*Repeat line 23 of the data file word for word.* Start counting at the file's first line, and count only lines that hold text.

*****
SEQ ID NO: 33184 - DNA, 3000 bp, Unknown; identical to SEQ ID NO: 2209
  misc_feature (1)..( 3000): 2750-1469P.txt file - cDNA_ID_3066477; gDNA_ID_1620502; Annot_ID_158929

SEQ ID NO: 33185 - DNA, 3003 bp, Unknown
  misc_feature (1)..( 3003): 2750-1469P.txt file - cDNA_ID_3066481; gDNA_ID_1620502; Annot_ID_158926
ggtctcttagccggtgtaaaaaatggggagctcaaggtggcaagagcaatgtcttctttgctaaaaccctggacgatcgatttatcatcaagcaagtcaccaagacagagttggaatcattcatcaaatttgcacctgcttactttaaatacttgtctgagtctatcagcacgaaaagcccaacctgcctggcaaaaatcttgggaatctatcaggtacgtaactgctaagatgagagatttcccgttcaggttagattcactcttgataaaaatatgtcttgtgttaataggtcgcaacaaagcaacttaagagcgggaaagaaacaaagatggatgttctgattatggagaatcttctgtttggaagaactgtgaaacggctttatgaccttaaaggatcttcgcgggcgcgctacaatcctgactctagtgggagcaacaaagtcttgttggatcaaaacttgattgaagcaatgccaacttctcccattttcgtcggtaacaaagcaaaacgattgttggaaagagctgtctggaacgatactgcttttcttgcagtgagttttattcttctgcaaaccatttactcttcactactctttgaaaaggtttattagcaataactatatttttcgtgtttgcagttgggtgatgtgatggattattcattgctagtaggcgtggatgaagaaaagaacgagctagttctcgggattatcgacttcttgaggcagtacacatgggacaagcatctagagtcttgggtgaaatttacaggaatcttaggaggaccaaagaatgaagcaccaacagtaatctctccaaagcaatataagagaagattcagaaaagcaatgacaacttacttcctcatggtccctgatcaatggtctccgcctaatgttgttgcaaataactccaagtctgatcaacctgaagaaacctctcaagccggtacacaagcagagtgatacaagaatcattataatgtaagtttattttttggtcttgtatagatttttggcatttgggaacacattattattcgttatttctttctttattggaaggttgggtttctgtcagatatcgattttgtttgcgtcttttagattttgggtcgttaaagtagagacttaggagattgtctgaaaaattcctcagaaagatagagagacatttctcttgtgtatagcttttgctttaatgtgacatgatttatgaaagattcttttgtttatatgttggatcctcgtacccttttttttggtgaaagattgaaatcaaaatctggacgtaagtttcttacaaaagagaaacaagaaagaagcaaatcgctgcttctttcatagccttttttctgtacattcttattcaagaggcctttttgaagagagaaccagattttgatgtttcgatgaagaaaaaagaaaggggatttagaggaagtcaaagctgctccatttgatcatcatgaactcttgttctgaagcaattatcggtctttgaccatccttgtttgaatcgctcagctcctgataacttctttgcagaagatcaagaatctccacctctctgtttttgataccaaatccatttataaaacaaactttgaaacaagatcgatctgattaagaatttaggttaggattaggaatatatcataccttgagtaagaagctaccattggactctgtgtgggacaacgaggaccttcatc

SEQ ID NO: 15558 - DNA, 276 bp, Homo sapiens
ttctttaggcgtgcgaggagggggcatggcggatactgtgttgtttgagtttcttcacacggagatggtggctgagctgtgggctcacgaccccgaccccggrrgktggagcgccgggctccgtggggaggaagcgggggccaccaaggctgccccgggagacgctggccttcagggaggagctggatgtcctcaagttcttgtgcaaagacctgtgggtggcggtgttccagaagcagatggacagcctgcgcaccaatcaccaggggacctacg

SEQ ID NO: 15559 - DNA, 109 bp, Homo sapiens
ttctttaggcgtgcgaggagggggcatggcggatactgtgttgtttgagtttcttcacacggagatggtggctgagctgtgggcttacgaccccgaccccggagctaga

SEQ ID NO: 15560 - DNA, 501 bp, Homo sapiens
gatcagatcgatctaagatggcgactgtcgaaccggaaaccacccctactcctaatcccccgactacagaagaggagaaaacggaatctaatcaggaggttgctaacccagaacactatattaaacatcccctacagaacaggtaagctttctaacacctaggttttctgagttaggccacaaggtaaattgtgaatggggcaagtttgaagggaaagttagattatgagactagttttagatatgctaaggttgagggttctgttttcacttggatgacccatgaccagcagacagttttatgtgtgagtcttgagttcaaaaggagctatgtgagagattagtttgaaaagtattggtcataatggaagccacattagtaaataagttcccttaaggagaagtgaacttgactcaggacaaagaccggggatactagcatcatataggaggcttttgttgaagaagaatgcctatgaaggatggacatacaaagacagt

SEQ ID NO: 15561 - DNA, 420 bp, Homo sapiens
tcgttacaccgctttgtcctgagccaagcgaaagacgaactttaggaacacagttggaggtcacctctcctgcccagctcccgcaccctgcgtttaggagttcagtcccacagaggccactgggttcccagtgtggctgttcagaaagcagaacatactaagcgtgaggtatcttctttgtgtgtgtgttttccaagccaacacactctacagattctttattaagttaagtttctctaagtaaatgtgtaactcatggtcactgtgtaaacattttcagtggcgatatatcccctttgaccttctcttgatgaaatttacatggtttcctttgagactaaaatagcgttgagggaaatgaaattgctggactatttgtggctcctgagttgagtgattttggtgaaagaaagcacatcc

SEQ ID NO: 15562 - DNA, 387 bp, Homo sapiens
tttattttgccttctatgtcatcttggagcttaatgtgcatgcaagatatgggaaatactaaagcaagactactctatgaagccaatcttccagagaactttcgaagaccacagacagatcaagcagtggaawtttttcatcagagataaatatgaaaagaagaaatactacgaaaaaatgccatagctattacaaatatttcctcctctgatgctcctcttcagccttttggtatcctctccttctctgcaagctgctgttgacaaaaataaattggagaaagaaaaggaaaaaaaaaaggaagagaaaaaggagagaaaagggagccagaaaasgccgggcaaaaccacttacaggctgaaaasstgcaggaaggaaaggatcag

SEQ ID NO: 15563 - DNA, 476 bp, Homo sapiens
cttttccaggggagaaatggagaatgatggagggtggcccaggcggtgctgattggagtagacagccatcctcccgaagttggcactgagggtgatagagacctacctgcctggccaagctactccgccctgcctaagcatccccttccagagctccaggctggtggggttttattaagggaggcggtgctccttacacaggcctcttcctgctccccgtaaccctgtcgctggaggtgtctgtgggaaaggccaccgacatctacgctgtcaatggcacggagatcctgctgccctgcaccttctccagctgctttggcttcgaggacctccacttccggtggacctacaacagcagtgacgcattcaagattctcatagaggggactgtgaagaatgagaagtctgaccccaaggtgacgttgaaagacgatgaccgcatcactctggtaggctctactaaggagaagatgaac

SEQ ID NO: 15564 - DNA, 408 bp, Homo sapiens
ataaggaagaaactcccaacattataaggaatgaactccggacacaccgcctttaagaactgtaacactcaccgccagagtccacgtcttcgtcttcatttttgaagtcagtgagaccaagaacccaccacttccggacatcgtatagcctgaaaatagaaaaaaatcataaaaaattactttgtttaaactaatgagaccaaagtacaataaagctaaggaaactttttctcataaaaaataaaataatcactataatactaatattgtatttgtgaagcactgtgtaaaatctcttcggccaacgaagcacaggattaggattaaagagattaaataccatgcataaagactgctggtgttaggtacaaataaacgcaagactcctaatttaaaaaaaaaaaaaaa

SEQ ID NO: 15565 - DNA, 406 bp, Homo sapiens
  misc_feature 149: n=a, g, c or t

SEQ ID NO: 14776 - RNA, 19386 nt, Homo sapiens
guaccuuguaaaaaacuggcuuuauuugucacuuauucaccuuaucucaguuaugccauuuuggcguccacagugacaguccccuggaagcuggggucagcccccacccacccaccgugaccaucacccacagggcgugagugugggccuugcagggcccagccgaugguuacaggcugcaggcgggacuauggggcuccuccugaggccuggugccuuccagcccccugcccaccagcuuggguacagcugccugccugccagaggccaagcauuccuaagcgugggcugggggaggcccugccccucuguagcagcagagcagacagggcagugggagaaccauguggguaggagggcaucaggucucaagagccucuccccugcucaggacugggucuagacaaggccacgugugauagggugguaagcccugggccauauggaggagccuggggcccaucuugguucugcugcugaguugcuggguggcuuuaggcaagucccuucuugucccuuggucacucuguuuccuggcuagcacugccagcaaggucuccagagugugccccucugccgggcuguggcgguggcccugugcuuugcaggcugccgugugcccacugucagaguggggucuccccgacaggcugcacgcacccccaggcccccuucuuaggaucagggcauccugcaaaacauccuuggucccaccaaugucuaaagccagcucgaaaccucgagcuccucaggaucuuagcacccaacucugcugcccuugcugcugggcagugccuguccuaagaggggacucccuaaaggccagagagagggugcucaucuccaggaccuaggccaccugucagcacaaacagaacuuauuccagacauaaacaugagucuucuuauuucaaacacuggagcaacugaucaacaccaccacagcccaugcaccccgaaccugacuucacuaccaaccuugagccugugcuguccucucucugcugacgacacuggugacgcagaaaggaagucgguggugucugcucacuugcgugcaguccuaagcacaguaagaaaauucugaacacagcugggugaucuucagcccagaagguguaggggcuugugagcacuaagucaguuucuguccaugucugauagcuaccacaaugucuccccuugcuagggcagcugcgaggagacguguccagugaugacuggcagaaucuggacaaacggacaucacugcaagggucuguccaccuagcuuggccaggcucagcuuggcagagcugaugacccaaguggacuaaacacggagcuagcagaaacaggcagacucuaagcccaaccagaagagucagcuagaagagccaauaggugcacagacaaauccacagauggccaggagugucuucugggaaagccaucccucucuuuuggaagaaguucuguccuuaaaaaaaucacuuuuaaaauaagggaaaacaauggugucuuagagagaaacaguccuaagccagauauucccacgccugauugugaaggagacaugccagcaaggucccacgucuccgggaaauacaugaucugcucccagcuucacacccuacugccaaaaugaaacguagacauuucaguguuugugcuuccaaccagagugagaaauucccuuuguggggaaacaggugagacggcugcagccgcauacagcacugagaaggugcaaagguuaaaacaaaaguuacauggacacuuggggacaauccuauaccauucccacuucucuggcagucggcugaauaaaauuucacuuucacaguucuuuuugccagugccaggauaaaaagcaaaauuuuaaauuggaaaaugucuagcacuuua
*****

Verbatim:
guaccuuguaaaaaacuggcuuuauuugucacuuauucaccuuaucucaguuaugccauuuuggcguccacagugacaguccccuggaagcuggggucagcccccacccacccaccgugaccaucacccacagggcgugagugugggccuugcagggcccagccgaugguuacaggcugcaggcgggacuauggggcuccuccugaggccuggugccuuccagcccccugcccaccagcuuggguacagcugccugccugccagaggccaagcauuccuaagcgugggcugggggaggcccugccccucuguagcagcagagcagacagggcagugggagaaccauguggguaggagggcaucaggucucaagagccucuccccugcucaggacugggucuagacaaggccacgugugauagggugguaagcccugggccauauggaggagccuggggcccaucuugguucugcugcugaguugcuggguggcuuuaggcaagucccuucuugucccuuggucacucuguuuccuggcuagcacugccagcaaggucuccagagugugccccucugccgggcuguggcgguggcccugugcuuugcaggcugccgugugcccacugucagaguggggucuccccgacaggcugcacgcacccccaggcccccuucuuaggaucagggcauccugcaaaacauccuuggucccaccaaugucuaaagccagcucgaaaccucgagcuccucaggaucuuagcacccaacucugcugcccuugcugcugggcagugccuguccuaagaggggacucccuaaaggccagagagagggugcucaucuccaggaccuaggccaccugucagcacaaacagaacuuauuccagacauaaacaugagucuucuuauuucaaacacuggagcaacugaucaacaccaccacagcccaugcaccccgaaccugacuucacuaccaaccuugagccugugcuguccucucucugcugacgacacuggugacgcagaaaggaagucgguggugucugcucacuugcgugcaguccuaagcacaguaagaaaauucugaacacagcugggugaucuucagcccagaagguguaggggcuugugagcacuaagucaguuucuguccaugucugauagcuaccacaaugucuccccuugcuagggcagcugcgaggagacguguccagugaugacuggcagaaucuggacaaacggacaucacugcaagggucuguccaccuagcuuggccaggcucagcuuggcagagcugaugacccaaguggacuaaacacggagcuagcagaaacaggcagacucuaagcccaaccagaagagucagcuagaagagccaauaggugcacagacaaauccacagauggccaggagugucuucugggaaagccaucccucucuuuuggaagaaguucuguccuuaaaaaaaucacuuuuaaaauaagggaaaacaauggugucuuagagagaaacaguccuaagccagauauucccacgccugauugugaaggagacaugccagcaaggucccacgucuccgggaaauacaugaucugcucccagcuucacacccuacugccaaaaugaaacguagacauuucaguguuugugcuuccaaccagagugagaaauucccuuuguggggaaacaggugagacggcugcagccgcauacagcacugagaaggugcaaagguuaaaacaaaaguuacauggacacuuggggacaauccuauaccauucccacuucucuggcagucggcugaauaaaauuucacuuucacaguucuuuuugccagugccaggauaaaaagcaaaauuuuaaauuggaaaaugucuagcacuuua